Robbie Fowler has taken an in-depth look at his Liverpool career through the shirts he wore, and revealed the “most important thing” for him about his kit.
Fowler, who has just taken over as manager of Australian A-League side Brisbane Roar, is an undisputed legend on Merseyside, scoring 183 goals in 369 games over two stints with the Reds.
He joined in 1991, made his senior debut in 1993 and remained a fixture of the side until his departure to Leeds in 2001, before a triumphant return for a season under Rafa Benitez in 2006.
As part of BT Sport’s ‘What I Wore’ series, Fowler has discussed the steps he made over his career and the significant moments in his time at Anfield.
But, as is common knowledge, the striker grew up as an Everton fan, while he explained that he also owned Aston Villa and Tottenham shirts because he “loved football” and “really enjoyed watching good teams.”
“In terms of Liverpool and Everton, I was never a horrible Everton fan who disliked anyone,” he added.
This was magnified across the city, in Fowler’s eyes, due to the Toxteth riots in 1981, with the 44-year-old describing football as “a way for everyone just to forget what was happening.”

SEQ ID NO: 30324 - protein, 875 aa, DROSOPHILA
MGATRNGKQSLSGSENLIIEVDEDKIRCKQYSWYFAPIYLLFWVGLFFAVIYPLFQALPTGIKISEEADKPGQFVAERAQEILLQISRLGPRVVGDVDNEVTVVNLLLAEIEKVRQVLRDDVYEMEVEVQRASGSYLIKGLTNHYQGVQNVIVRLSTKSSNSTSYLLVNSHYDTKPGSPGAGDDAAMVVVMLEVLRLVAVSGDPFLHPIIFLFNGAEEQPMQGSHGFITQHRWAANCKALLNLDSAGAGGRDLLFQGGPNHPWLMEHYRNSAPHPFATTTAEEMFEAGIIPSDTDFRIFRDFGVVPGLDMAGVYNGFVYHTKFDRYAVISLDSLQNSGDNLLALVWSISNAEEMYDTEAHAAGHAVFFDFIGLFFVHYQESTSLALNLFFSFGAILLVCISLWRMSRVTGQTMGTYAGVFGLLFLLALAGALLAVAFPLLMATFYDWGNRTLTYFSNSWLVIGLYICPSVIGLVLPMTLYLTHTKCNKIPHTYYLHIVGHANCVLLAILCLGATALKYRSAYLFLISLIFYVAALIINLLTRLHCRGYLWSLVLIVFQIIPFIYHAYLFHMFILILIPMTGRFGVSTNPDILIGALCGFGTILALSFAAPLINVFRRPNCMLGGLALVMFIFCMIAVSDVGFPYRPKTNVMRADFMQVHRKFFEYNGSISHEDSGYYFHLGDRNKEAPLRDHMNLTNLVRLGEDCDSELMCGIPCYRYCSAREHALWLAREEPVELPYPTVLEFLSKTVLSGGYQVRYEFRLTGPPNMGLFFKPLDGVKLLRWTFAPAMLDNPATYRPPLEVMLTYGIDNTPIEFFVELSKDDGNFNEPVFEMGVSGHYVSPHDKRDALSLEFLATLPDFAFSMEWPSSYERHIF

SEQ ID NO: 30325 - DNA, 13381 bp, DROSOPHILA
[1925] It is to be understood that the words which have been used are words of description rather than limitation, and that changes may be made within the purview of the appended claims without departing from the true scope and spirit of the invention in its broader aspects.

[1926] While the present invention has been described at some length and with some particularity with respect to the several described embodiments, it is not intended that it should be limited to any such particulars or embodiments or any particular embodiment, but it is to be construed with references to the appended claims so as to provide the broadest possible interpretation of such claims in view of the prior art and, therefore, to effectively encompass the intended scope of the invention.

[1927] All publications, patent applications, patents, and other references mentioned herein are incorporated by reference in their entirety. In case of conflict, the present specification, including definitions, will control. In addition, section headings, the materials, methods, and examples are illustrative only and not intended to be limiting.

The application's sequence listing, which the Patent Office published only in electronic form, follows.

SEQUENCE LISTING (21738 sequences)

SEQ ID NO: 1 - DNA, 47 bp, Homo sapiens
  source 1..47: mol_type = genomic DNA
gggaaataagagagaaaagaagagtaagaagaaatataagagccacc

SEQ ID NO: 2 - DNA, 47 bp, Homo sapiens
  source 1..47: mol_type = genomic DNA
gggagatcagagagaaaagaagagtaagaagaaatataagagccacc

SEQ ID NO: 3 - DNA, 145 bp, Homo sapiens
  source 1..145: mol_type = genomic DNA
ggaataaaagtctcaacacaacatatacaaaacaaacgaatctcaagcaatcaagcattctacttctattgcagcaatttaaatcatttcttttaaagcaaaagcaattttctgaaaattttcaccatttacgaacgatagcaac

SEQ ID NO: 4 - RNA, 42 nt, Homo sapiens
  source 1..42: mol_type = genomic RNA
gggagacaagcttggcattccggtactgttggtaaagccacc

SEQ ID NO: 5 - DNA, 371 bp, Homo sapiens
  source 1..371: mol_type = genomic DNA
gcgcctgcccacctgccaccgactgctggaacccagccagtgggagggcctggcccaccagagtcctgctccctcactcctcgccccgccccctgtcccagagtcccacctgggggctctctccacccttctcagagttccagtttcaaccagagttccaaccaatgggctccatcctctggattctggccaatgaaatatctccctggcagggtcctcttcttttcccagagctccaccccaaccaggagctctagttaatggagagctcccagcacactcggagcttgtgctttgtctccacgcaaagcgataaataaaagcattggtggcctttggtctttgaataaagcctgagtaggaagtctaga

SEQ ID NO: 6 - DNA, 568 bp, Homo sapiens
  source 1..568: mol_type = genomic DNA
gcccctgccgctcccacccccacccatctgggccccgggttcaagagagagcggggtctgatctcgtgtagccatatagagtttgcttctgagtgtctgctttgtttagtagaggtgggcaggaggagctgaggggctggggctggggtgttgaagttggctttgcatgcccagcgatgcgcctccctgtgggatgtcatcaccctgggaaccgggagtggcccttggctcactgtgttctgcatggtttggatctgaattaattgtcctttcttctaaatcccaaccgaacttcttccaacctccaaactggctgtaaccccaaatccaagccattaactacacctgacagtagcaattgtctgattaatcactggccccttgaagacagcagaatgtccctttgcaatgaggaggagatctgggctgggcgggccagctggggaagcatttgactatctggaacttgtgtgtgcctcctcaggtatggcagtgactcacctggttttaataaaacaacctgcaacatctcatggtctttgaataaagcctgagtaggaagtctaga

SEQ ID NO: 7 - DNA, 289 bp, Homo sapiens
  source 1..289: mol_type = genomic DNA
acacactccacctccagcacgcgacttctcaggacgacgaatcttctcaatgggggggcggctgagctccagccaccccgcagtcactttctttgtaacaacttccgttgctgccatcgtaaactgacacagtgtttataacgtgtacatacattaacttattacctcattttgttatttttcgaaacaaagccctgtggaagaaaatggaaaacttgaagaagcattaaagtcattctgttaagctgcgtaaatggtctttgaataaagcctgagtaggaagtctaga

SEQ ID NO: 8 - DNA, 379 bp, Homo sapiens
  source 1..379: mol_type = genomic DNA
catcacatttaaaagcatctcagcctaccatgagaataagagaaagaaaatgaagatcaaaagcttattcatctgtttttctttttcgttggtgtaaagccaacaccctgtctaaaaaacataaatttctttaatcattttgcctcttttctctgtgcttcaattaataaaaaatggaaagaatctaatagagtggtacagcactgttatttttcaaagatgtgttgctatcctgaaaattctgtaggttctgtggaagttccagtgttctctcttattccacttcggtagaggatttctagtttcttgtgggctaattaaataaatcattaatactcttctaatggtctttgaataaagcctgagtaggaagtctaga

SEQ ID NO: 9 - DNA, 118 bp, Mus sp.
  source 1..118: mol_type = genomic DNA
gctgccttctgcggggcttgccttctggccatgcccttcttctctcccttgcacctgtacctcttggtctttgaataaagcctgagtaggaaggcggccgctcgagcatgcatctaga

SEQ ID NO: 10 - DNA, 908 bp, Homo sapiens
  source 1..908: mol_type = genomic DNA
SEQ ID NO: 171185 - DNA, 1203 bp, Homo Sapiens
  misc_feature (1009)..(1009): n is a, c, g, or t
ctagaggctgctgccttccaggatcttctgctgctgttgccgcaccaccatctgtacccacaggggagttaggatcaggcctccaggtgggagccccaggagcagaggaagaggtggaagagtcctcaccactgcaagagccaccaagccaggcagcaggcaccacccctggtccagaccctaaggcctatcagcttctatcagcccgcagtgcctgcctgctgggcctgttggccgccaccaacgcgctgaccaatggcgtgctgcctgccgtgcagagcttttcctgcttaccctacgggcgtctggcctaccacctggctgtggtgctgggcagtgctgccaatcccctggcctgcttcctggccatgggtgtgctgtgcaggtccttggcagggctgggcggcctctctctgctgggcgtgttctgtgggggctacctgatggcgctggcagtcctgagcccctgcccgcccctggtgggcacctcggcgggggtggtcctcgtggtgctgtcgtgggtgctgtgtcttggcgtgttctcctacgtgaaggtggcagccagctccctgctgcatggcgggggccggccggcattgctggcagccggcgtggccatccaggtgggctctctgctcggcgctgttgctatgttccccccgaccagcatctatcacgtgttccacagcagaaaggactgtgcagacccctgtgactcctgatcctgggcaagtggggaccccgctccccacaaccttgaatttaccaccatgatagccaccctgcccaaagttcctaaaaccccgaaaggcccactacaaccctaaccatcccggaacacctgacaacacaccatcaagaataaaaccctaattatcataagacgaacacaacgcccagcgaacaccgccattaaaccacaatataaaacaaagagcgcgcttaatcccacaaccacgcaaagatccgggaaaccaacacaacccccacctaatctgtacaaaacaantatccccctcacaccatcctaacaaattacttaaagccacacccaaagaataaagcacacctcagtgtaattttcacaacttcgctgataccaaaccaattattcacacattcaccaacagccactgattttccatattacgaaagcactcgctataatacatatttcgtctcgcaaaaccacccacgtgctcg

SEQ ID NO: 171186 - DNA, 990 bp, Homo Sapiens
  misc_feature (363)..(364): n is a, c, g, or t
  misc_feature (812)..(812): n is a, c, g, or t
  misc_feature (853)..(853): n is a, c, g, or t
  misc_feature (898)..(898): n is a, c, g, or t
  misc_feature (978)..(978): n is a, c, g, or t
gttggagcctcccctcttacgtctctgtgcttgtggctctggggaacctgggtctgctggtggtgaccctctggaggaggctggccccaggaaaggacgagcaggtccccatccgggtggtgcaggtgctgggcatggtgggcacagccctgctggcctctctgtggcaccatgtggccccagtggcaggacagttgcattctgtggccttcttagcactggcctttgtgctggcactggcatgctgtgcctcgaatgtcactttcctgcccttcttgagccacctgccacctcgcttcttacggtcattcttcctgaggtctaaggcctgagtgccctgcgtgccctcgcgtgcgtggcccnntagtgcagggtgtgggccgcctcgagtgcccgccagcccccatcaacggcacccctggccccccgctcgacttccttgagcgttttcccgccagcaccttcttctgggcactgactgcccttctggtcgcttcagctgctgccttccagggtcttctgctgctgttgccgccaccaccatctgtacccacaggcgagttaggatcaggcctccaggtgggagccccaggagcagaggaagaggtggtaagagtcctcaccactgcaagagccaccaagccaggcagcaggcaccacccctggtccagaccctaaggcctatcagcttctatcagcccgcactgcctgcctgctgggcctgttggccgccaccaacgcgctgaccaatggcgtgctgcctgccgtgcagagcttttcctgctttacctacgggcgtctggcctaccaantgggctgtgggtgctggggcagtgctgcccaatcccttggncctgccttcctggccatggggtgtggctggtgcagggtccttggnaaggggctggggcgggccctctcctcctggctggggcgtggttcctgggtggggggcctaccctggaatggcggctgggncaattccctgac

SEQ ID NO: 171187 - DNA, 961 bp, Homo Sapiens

“It was a big release for everyone, Everton and Liverpool, because of the turmoil and what was happening within society,” he said.
Fowler brilliantly recalled his feelings on making his debut for the Reds, with the club his “first choice because they were the first club who came in for me.”
“It’s huge. To put that shirt on for the first time, there’s always that special feeling,” he said.
“But when you get a chance to put a shirt on like this, it’s hard to put into words.
“You can use every superlative under the sun, it’s years and years of hard work, years of dedication and all of a sudden you get this chance.
“I think ‘legend’ is used far too much in football, [but] when I got into the Liverpool side I’m in a dressing room that is full of absolute bona fide legends. Playing up front with Rushy, I’m a kid!”
He went over his memories of his record-breaking hat-trick against Arsenal, picked the 1995/96 away shirt as his favourite and described supporting the Liverpool dockers in 1997.
On becoming the Reds’ No. 9, Fowler acknowledged that taking the shirt “should have been one of the best days ever,” but instead stressed that the “most important thing” for him was the badge on the front.
Comparing himself with other legendary No. 9s from Premier League history, he confidently said he “would back himself against anyone.”
There are also interesting stories on his relationship with Gerard Houllier, the “bittersweet” treble-winning season in 2000/01 and how he felt “forced out” soon after.
Fortunately “the best thing ever” came with his comeback in 2006, and it is clear how much that meant to Fowler.
“Nothing comes close, as far as I’m concerned.”